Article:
It was good that she had gone straight home because her mother said Mike had called and needed to talk to her.
"When was this?"
"Fifteen minutes ago. He said he wanted you to call him back."
"Right." She assumed Mike had stayed home that day because middle school hadn't been let out yet. "I'll get right on that."
She went to the kitchen, dropped her stuff on the floor, and grabbed the phone receiver off the wall. The only reason she even knew the Wheeler's number was because of Dustin sometimes spending the night over there.
Mike picked up after the third ring. He seemed slightly out of breath, as if the air had been knocked out of him.
"Are you okay?"
"Yeah, I'm great. Remember how you said you'd help anytime?"
"Yeah," she answered hesitantly, hoping her words weren't about to bite her on the butt.
"El pointed to Will in one of my pictures. She . . . she might know what happened to him."
"She didn't say?"
"No, but think about it. We found her on Mirkwood, the same place Will's bike was found. And she said bad people were after her. What if these bad people are the same ones who took Will?"
"You really think she knows?"
"Yeah, just let Dustin know when he gets home. I'll take care of Lucas."
"I'll tell Dustin, but Mike . . . I'm coming with him. I'm part of this."
"Why do you think I called?"
Once Dustin got home he and Jessica high-tailed it to Mike's, Dustin insisting on using his bike so he could catch up with Lucas and ride with him.
Everyone congregated in Mike's room as they arrived. Most of the stuff in it was science related, and it made Jessica feel really out of place. Science was not her subject.
Eleven was there, seated Indian-style, on Mike's bed. She had different clothes on than the night before. Dustin was quiet when he saw her, Lucas was very vocal about his dislike of the situation. He wanted to tell Mike's mom.
"No. Eleven made it clear we'd all be in danger if any adults got involved."
"Her name is Eleven?"
"El for short."
"What type of danger?" Dustin asked.
"Danger danger." Mike mimicked a gun with his hand like El had done the night before and pointed it at Dustin's head.
"No. No. No. We're going back to plan A. We're telling your mom."
"Lucas –" Jessica started, but he had already opened the bedroom door.
The door, however, slammed shut seemingly on its own. Lucas tried again with the same result, only this time the door also locked. A few game pieces seated on the shelf beside the door fell over, and everyone stood frozen.
What had just happened? And how? Doors didn't just close on their own, and they definitely couldn't lock on their own.
"No," Eleven said, simply but firmly, still seated on the bed.
They all turned at the sound of her voice. El's nose was bleeding now, the crimson liquid trailing from one nostril down towards her upper lip. El didn't seem concerned about it, but Jessica still reacted by rushing forward and trying to get El to lean her head back. She didn't mean to scare the girl, but she guessed she did because El's eyes widened even as she did as Jessica said.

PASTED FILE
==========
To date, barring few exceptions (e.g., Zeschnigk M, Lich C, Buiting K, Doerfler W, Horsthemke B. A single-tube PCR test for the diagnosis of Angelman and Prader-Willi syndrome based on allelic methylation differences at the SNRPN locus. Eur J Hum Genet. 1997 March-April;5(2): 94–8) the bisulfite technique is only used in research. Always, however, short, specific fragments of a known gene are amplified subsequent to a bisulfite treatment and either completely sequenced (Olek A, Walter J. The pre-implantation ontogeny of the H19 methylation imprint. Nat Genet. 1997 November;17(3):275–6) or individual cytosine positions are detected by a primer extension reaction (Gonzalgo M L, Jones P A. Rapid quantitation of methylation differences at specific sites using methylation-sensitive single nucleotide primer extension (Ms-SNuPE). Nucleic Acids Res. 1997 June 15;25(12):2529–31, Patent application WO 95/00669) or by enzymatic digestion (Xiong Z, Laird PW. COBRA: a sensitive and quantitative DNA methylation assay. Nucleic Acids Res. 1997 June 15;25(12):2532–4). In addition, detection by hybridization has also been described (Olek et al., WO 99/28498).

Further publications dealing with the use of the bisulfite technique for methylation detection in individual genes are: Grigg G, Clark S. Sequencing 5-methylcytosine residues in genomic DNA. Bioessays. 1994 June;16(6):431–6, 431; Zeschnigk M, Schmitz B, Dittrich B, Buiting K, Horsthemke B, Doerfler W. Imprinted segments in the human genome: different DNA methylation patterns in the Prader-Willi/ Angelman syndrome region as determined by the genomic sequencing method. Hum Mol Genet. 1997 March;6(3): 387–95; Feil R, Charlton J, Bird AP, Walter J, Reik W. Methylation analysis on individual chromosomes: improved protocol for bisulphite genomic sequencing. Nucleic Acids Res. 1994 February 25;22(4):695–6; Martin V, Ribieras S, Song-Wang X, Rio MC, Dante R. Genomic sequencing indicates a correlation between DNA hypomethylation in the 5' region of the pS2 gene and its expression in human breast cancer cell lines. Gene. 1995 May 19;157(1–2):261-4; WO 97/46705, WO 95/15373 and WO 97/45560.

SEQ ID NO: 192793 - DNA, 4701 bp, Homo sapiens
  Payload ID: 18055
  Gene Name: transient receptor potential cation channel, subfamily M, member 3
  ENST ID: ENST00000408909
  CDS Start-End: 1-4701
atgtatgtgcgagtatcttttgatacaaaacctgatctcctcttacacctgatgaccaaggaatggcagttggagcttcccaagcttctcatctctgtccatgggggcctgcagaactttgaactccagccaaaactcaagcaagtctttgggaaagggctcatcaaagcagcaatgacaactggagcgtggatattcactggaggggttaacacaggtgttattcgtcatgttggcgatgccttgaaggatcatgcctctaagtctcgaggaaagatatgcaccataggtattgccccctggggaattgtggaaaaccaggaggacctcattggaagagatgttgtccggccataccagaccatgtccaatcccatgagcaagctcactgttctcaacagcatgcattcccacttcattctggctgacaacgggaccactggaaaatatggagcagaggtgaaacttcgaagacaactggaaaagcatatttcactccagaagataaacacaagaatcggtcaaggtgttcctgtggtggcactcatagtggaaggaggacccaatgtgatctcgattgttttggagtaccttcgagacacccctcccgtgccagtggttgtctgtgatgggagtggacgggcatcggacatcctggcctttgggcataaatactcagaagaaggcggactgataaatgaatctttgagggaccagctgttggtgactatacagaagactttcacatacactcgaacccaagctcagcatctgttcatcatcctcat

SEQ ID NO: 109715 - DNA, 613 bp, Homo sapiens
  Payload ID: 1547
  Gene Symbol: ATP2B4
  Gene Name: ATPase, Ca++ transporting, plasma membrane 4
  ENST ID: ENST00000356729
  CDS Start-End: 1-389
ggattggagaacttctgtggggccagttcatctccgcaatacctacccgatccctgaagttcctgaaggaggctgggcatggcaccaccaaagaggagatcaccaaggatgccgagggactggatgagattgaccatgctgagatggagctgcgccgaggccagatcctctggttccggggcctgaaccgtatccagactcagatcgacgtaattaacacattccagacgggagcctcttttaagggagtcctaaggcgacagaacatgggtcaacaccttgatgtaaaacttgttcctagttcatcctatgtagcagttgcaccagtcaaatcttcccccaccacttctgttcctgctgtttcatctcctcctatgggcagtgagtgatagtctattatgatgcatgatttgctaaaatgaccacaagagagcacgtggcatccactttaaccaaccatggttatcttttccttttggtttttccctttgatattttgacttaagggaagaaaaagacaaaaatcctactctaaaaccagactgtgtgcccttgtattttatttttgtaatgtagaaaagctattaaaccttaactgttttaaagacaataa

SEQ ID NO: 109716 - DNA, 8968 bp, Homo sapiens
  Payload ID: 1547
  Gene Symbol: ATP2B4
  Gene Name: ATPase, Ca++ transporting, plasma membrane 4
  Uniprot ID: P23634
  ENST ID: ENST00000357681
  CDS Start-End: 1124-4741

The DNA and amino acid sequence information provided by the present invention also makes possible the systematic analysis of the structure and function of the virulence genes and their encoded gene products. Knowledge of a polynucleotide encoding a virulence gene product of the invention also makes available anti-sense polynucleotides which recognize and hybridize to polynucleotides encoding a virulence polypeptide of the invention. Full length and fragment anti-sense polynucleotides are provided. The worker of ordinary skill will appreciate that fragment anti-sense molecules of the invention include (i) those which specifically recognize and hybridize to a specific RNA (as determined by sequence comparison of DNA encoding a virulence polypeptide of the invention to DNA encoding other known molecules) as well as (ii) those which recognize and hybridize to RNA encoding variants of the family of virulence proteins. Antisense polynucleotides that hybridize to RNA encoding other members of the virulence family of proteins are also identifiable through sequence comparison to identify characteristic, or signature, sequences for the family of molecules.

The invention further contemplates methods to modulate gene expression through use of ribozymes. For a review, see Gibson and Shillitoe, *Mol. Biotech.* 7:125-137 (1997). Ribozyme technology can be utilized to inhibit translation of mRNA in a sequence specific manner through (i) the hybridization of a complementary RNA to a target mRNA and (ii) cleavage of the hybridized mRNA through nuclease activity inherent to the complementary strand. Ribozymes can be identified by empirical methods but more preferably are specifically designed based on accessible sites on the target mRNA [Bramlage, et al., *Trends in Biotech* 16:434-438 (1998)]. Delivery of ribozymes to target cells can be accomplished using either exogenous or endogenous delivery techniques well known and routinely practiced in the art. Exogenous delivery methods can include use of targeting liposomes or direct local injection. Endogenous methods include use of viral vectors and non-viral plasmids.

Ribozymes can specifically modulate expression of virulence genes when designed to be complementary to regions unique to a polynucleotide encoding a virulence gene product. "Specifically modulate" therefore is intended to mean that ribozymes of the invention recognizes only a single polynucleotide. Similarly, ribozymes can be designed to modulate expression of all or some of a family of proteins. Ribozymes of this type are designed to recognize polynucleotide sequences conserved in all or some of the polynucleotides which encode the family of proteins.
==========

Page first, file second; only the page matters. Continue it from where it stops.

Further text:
"It's okay," Mike said. "She's not gonna hurt you."
Eleven's nosebleed didn't last long, and Jessica soon realized she'd overreacted, and remembered what had happened before with the door.
"Did you do that?" she asked El.
If Eleven could do things like that, Jessica was beginning to get a clearer picture of what had happened to her. She had escaped from a lab of some sort, maybe even the lab that was in Hawkins, though Jessica had always believed that lab had been some Department of Energy building for the government. They'd definitely had energy, if they'd been keeping her there.
When El didn't respond to Jessica's question she asked it again, adding. "Remember what I said last night? We can't help you if you don't tell us the truth."
"Yes," El forced out.
"I don't know how much she knows," Mike admitted. "I've been showing her stuff all day – or until Mom got back home, anyway."
Mrs. Wheeler was home and had been since that morning. She'd gone to the store with Holly after Mike had left for school. He'd doubled back once his mother had gone – his father had gone to work before Mike had even woken up that morning. Mrs. Wheeler had walked in as Mike had been showing El around the house and that was why they were both up in Mike's room.
Jessica looked the boys' way. Mike seemed almost unfazed by the way the door had closed by itself, but Lucas seemed a little freaked out. Dustin's face showed amazement.
Jessica felt a natural instinct to try to find a normal, logical, reason for the door to slam on its own – like a blast of air from an open window or something. Even though El had confirmed that she'd made the door slam, Jessica couldn't get her head around the concept. Things like this didn't happen outside of books and movies.